In a 75 year ago redux of the Band of Brothers HBO miniseries’ “No jump tonight”, weather prevented us from jumping on June 4th. Rain and high winds on the drop zone prevented us from doing a training jump at Duxford Airport. And, so, we were left waiting in anticipation for the weather forecast for the following day. And, while we waited, we trained. We turned the day’s disappointment into a dress rehearsal for D-Day, putting on our parachutes, adjusting our gear, practicing our safety procedures, half of the jumpers went up on a flight to put on a show for the public. I fortunately had a chance to board D-Day Doll, our West Coast bird from Riverside. And then we engaged in fine tuning our adjusting of bulky gear and figuring out how to load up all of our three-day stay equipment on our persons to take back with us back into France. Everything we took into England with us we were instructed that we would need to bring back out of the airplane including extra undergarments, shirts, souvenirs, etc. which of course effectively means all of our luggage in our pockets and attachable bags. The following day’s forecast placed us at best as a tentative of being able to make the Cross Channel jump. We would only have a short window of opportunity due to inclement weather, logistical, diplomatic, and permit-related issues. Otherwise, the entire jump operation would be cancelled and for many of us our entire Europe operation ruined.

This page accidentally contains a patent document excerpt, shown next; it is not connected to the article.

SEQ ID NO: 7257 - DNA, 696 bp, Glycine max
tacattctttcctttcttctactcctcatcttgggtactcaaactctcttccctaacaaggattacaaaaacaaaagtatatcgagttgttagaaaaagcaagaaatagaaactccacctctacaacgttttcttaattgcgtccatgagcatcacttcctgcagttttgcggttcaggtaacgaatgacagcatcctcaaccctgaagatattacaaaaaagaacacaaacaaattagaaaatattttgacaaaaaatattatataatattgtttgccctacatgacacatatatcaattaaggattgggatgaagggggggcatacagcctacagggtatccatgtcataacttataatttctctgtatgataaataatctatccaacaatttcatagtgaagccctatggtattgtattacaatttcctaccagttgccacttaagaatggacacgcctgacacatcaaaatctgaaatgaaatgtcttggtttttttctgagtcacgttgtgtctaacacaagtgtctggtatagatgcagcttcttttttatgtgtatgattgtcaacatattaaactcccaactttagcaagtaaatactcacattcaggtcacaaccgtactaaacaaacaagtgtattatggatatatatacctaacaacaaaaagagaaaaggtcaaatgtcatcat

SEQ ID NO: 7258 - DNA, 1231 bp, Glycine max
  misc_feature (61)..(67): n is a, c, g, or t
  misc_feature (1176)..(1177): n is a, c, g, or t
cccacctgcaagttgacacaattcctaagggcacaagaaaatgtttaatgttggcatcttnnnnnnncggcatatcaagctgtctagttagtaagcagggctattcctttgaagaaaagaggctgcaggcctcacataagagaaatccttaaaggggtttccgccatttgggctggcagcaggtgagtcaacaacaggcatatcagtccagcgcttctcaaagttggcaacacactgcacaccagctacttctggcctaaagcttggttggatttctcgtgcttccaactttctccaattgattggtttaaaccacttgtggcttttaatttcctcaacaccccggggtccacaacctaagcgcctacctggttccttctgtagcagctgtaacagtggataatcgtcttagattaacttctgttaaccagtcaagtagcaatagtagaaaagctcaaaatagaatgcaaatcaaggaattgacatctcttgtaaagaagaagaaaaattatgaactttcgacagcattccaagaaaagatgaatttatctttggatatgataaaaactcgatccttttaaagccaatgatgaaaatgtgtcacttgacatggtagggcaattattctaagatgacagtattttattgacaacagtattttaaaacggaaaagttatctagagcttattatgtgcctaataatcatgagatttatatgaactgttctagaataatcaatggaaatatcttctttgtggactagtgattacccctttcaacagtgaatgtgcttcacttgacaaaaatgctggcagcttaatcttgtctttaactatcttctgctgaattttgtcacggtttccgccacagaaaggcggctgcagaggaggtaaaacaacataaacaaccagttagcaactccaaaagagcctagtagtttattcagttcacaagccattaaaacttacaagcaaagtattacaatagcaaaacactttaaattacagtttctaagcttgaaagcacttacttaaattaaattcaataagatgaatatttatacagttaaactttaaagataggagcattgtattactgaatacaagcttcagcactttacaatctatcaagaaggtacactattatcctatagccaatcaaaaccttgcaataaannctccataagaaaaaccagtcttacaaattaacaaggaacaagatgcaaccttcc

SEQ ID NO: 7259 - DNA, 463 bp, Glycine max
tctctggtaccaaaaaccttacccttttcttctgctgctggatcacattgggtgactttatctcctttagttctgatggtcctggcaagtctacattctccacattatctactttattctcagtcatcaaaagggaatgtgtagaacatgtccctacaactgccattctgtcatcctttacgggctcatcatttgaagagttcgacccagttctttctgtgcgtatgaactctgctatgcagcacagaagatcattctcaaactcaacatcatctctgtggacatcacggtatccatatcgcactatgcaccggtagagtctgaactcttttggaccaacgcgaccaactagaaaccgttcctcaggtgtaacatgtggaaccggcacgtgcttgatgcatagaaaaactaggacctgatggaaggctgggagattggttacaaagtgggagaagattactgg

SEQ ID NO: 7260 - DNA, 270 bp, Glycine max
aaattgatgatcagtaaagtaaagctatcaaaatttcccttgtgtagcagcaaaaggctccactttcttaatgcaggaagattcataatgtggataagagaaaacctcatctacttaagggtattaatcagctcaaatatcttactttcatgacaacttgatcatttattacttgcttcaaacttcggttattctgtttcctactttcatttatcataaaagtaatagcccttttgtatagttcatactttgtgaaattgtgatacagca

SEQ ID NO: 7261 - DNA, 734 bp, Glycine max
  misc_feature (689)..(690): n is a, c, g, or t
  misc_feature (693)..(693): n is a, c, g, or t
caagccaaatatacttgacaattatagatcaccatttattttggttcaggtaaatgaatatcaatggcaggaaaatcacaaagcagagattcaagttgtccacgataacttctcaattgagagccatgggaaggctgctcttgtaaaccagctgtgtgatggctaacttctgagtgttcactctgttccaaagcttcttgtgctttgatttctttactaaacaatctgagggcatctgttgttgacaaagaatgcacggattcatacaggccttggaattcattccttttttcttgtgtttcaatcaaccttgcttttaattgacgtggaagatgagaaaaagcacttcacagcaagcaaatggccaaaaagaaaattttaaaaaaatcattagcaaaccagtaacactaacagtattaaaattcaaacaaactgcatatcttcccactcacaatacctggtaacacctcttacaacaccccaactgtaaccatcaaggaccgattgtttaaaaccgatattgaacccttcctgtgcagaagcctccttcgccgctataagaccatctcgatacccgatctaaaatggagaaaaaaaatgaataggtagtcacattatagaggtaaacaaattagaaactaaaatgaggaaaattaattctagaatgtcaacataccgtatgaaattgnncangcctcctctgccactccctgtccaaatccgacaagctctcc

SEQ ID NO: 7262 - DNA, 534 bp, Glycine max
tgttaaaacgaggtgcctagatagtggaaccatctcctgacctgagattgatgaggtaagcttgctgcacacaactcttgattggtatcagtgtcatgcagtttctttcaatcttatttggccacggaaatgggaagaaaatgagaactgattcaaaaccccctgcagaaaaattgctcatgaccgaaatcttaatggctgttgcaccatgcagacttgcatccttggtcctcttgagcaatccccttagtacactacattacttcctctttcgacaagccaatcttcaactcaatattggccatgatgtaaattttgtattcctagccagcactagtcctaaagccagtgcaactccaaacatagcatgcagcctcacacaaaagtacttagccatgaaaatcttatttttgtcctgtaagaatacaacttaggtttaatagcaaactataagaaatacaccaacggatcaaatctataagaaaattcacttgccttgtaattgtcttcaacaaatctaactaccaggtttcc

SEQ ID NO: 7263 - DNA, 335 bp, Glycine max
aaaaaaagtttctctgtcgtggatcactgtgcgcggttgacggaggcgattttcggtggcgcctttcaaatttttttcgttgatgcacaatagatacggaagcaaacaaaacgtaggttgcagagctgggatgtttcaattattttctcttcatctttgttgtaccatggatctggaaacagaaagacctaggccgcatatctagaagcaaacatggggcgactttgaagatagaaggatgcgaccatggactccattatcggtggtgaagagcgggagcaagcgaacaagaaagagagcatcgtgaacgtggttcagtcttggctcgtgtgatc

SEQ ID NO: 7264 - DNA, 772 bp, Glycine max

On the early hours of June 5th, most of our time was spent sitting around in most of our gear anticipating an alert at any moment to suit up with our main and reserve parachutes. Finally, we were given the green light after some hectic and emotionally disruptive events and after some aircraft became unavailable. After drawing some straws, some of us were left behind in England. I was mistakenly not placed on any of the aircraft manifests and at the last minute was scrambling around to figure out which aircraft I could board. Between the long flight walk and the tightness of my parachute, I was somewhat demoralized whilst also determined not to be left behind in England, all this playing out in front of tens of hundreds and perhaps thousands of spectators watching us from behind airport security fences. I was instructed to follow the director of the operation into the lead aircraft. He chose a D-Day veteran Aces High which I had never jumped. As the last parachutist on the aircraft I had the seat right in front of the exit door with an amazing view of our entire flight. The flight itself lasted two and a half hours. There were moments where various aircraft would fly next to us including WWII fighter aircraft. In one particular instance, I could see the face of our regular C-47 pilot, Dave Brothers, flying D-Day Doll, another D-Day veteran.